Even though I’ve lived in the Ann Arbor area (more or less) for the last 35 years, somehow I’ve never managed to attend any of the Ann Arbor Pow-Wows held at Crisler Arena. I’ve known many people who’ve attended them – when I was mentioning this article to Gen, she told me that she’d been twice, which I never knew! – but somehow I’ve managed never to get to one. And sadly, this weekend was no exception. I’m part Native American myself (my mother’s fathers’ mothers’ grandmother was full-blooded Montagnais, so I’m told), but I admit I’ve never had an overwhelming interest in Native American culture. It interests me, sure, but not in the personal way that it does some other neo-Pagans. So no, I’ve never made it a priority to be there, but I’d like to at some point.
Thinking about the Pow-Wow this weekend reminded me of how our Grove decided to address these issues way back when I first joined. We had originally considered the spirits of the Native Americans to be our version of the Sidhe, those Irish spirits who were forced underground by the coming of Christianity, and so we included them in our offerings to the Nature Spirits. But as seems obvious now, this was a rather insulting way to address them. This was back when our Grove seers would take separate omens from the Kindreds, and while the omens from the Deities and Ancestors were consistently good, the ones from the Nature Spirits were always bad, if not downright nasty.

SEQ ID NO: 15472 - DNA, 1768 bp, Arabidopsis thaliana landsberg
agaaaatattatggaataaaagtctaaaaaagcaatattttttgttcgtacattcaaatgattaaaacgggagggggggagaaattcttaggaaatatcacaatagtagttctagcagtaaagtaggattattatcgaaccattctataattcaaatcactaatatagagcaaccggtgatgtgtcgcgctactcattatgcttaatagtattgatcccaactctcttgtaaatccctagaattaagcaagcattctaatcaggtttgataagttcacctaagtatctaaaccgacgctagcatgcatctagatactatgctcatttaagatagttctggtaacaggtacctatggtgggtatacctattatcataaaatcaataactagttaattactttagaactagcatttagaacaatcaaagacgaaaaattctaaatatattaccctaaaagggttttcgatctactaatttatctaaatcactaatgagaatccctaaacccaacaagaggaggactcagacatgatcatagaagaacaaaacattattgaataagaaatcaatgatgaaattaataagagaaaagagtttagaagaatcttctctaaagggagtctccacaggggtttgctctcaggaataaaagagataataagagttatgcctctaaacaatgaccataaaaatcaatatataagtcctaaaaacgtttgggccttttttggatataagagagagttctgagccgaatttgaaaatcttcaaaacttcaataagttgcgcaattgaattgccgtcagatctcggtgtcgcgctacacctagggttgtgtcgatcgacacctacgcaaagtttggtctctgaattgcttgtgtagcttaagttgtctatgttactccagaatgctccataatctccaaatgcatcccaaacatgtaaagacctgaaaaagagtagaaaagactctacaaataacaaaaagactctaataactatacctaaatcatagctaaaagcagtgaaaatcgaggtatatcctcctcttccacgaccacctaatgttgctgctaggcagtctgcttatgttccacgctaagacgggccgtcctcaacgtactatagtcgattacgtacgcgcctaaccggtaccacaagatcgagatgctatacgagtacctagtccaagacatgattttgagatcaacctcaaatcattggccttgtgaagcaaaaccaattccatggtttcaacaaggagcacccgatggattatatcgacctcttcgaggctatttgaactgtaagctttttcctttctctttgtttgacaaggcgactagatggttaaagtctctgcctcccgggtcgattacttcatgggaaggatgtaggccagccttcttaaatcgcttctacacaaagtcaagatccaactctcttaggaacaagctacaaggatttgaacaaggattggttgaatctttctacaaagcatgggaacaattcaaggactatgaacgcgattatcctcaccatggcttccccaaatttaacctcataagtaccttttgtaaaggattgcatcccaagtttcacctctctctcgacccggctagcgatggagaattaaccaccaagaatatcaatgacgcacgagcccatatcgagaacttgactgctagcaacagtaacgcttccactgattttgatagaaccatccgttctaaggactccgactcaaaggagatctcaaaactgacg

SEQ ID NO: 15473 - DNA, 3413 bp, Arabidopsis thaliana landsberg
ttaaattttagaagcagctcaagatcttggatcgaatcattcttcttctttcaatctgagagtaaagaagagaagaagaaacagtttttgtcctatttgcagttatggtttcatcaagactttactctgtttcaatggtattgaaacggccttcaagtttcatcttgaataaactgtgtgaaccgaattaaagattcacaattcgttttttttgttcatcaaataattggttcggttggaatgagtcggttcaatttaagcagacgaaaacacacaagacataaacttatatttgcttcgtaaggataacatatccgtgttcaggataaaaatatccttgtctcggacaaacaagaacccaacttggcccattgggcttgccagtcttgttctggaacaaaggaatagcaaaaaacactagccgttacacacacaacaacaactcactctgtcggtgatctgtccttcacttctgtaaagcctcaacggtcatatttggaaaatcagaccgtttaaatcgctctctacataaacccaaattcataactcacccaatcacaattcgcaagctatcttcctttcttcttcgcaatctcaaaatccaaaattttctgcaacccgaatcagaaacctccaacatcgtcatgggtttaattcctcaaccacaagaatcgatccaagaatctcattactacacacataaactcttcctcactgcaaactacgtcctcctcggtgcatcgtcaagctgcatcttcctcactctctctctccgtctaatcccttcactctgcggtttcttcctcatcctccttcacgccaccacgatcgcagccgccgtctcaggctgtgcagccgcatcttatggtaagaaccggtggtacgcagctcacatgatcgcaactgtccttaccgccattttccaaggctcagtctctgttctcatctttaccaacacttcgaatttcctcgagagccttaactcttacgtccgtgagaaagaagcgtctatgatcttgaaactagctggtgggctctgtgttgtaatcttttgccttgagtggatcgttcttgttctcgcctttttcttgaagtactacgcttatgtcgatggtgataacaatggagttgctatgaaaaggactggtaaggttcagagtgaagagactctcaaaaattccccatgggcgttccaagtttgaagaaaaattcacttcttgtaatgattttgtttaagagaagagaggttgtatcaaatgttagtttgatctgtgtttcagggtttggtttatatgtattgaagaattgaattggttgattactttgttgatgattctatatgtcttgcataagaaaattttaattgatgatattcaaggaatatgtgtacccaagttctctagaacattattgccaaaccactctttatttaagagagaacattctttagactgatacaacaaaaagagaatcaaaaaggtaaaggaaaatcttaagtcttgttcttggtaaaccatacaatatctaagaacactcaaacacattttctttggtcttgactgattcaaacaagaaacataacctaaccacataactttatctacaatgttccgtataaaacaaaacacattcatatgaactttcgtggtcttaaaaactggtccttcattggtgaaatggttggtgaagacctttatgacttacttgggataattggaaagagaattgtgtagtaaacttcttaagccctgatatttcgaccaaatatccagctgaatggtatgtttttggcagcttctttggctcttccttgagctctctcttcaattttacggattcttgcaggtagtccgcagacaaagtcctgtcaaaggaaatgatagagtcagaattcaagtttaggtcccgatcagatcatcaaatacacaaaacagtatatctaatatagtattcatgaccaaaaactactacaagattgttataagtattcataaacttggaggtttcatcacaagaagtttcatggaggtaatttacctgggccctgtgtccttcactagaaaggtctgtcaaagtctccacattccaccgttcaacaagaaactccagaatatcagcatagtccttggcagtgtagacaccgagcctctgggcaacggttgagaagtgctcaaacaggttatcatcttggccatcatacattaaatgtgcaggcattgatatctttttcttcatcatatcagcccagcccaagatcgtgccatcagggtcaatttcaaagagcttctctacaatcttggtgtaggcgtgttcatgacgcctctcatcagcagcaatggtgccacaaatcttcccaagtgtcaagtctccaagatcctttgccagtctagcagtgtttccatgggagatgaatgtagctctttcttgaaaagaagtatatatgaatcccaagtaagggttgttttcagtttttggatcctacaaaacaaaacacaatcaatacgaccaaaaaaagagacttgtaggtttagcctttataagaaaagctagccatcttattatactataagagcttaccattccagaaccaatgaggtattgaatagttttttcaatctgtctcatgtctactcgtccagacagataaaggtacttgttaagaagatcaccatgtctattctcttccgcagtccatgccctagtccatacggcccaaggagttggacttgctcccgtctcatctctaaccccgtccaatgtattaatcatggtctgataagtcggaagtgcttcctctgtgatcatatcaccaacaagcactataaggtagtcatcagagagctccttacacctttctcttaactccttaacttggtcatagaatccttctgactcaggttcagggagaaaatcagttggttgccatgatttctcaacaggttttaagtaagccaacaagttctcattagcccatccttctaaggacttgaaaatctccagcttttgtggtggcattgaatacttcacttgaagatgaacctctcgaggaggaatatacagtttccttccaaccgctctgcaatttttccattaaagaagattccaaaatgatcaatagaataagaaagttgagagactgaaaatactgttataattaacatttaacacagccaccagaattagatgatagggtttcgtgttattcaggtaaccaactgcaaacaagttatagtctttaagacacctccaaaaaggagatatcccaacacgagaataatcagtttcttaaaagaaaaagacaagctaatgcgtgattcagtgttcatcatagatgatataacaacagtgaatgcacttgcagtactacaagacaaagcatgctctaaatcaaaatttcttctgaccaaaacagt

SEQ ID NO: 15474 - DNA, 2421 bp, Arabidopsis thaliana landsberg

What to do, what to do. We didn’t want to ignore the Native Americans, as we thought that would be insulting to them as well. There was some talk of incorporating some kind of traditional Native American practice into our rites, but that could be considered just as insulting. “Hey, not only are we gonna steal your land, let’s steal your customs as well!” The remaining native tribes on this continent don’t go out of their way to share their religious traditions with outsiders, and we thought it best to respect that.
Looking at the practices of the ancient Indo-Europeans, we saw that even in cases where two tribes had fought over control of a region (and that happened a lot), there was still some level of respect between the two sides, and that when the fighting was done, there would be some kind of formal treaty between them, and the Bards would even compose ballads of the noble and heroic acts of their opponents. This seemed a far cry from what we Americans had done! Obviously there’s only so much our Grove can do to redress the misdeeds of our recent Ancestors, but in the spirit of treaty and honor, we added an invocation to the spirits of the Native Americans and the spirits that they themselves honored to the beginning section of our High Day rites. Addressing them as the Allies rather than the Sidhe, we offer them a place by our hearth, that they may join our rite if they so choose. In this way, we hope to honor them without co-opting their practices.
Rev. Rob Henderson
Senior Druid, Shining Lakes Grove, ADF
The Nature Spirits and the Allies: http://www.shininglakes.bravehost.com/deities/nsallies.html